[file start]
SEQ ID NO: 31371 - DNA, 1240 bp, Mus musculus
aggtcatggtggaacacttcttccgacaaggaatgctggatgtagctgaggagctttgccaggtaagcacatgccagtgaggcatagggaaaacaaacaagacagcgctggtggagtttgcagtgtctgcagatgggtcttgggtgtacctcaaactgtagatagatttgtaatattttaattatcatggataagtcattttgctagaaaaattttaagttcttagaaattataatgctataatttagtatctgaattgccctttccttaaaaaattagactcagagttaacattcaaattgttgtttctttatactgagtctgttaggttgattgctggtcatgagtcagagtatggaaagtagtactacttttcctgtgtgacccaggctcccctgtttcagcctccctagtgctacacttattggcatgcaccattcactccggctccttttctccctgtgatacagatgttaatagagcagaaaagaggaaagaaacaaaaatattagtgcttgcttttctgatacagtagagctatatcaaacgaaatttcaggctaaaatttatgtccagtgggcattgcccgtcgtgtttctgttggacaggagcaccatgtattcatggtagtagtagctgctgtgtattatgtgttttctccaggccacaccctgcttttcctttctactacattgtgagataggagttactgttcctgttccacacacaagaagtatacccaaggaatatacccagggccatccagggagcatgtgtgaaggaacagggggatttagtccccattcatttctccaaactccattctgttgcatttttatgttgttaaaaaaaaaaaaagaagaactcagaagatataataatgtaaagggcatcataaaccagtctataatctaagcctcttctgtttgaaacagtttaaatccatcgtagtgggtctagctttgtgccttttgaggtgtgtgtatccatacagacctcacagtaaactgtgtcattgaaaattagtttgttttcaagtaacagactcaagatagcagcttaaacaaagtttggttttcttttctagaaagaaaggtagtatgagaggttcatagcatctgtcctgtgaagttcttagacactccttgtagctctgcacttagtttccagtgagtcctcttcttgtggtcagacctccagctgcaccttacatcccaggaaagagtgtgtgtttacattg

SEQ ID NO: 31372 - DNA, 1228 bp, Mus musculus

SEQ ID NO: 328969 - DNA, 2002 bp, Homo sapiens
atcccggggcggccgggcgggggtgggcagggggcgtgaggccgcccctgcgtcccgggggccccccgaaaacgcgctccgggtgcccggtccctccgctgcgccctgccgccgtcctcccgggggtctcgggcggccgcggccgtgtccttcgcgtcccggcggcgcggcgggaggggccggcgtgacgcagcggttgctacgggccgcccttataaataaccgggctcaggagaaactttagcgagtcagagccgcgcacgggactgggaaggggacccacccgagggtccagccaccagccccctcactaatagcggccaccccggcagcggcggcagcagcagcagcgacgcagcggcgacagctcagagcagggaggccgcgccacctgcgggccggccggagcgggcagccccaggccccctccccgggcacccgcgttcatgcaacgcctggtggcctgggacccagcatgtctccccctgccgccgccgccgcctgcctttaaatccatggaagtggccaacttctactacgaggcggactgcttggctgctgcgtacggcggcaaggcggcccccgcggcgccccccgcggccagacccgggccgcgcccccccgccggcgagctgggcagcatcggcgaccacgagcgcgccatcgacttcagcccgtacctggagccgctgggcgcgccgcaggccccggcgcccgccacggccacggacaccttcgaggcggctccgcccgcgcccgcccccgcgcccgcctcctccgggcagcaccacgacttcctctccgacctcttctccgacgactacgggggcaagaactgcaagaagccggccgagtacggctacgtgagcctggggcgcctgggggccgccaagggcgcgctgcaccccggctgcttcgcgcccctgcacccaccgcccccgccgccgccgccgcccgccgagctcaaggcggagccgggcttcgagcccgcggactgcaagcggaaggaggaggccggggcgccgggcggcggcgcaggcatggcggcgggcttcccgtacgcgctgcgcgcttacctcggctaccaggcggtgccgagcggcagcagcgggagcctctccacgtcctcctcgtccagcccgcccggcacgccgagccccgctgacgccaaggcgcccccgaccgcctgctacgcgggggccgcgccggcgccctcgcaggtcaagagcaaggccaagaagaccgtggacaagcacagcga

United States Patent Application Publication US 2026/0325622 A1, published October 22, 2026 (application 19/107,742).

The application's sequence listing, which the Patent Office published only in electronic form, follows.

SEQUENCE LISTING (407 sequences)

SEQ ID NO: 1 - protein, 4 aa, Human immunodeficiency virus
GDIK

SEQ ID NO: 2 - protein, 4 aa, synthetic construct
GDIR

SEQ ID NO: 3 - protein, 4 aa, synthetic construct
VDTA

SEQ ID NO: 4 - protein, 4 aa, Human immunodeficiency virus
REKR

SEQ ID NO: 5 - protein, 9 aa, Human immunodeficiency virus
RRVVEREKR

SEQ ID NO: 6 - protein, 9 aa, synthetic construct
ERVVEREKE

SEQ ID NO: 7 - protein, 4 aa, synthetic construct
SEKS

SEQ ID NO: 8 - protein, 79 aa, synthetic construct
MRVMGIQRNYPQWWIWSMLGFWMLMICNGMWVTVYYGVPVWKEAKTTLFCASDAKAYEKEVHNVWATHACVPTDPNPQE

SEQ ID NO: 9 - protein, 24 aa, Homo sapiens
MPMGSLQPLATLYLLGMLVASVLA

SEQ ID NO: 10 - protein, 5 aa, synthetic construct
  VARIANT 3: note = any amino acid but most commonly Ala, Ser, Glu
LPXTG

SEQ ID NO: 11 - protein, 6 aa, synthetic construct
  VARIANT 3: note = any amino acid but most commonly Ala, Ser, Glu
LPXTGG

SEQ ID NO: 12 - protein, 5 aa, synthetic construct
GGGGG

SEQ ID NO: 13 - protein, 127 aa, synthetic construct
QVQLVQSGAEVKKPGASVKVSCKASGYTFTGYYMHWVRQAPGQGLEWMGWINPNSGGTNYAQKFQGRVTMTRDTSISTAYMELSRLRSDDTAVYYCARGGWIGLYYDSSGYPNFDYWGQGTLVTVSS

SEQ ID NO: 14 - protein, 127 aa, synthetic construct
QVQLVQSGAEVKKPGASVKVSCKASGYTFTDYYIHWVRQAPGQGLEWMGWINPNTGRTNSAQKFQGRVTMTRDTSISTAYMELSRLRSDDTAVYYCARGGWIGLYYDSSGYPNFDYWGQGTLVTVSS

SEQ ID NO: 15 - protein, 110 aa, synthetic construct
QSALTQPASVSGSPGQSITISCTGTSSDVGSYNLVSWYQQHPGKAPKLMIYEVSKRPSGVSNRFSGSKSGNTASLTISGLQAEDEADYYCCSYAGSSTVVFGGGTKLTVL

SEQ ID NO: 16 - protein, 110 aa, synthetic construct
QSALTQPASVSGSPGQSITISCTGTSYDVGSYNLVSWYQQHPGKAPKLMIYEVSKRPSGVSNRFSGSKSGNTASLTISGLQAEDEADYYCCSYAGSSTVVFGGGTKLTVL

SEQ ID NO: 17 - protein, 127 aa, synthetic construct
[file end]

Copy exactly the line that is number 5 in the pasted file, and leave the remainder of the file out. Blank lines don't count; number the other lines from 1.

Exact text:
atcccggggcggccgggcgggggtgggcagggggcgtgaggccgcccctgcgtcccgggggccccccgaaaacgcgctccgggtgcccggtccctccgctgcgccctgccgccgtcctcccgggggtctcgggcggccgcggccgtgtccttcgcgtcccggcggcgcggcgggaggggccggcgtgacgcagcggttgctacgggccgcccttataaataaccgggctcaggagaaactttagcgagtcagagccgcgcacgggactgggaaggggacccacccgagggtccagccaccagccccctcactaatagcggccaccccggcagcggcggcagcagcagcagcgacgcagcggcgacagctcagagcagggaggccgcgccacctgcgggccggccggagcgggcagccccaggccccctccccgggcacccgcgttcatgcaacgcctggtggcctgggacccagcatgtctccccctgccgccgccgccgcctgcctttaaatccatggaagtggccaacttctactacgaggcggactgcttggctgctgcgtacggcggcaaggcggcccccgcggcgccccccgcggccagacccgggccgcgcccccccgccggcgagctgggcagcatcggcgaccacgagcgcgccatcgacttcagcccgtacctggagccgctgggcgcgccgcaggccccggcgcccgccacggccacggacaccttcgaggcggctccgcccgcgcccgcccccgcgcccgcctcctccgggcagcaccacgacttcctctccgacctcttctccgacgactacgggggcaagaactgcaagaagccggccgagtacggctacgtgagcctggggcgcctgggggccgccaagggcgcgctgcaccccggctgcttcgcgcccctgcacccaccgcccccgccgccgccgccgcccgccgagctcaaggcggagccgggcttcgagcccgcggactgcaagcggaaggaggaggccggggcgccgggcggcggcgcaggcatggcggcgggcttcccgtacgcgctgcgcgcttacctcggctaccaggcggtgccgagcggcagcagcgggagcctctccacgtcctcctcgtccagcccgcccggcacgccgagccccgctgacgccaaggcgcccccgaccgcctgctacgcgggggccgcgccggcgccctcgcaggtcaagagcaaggccaagaagaccgtggacaagcacagcga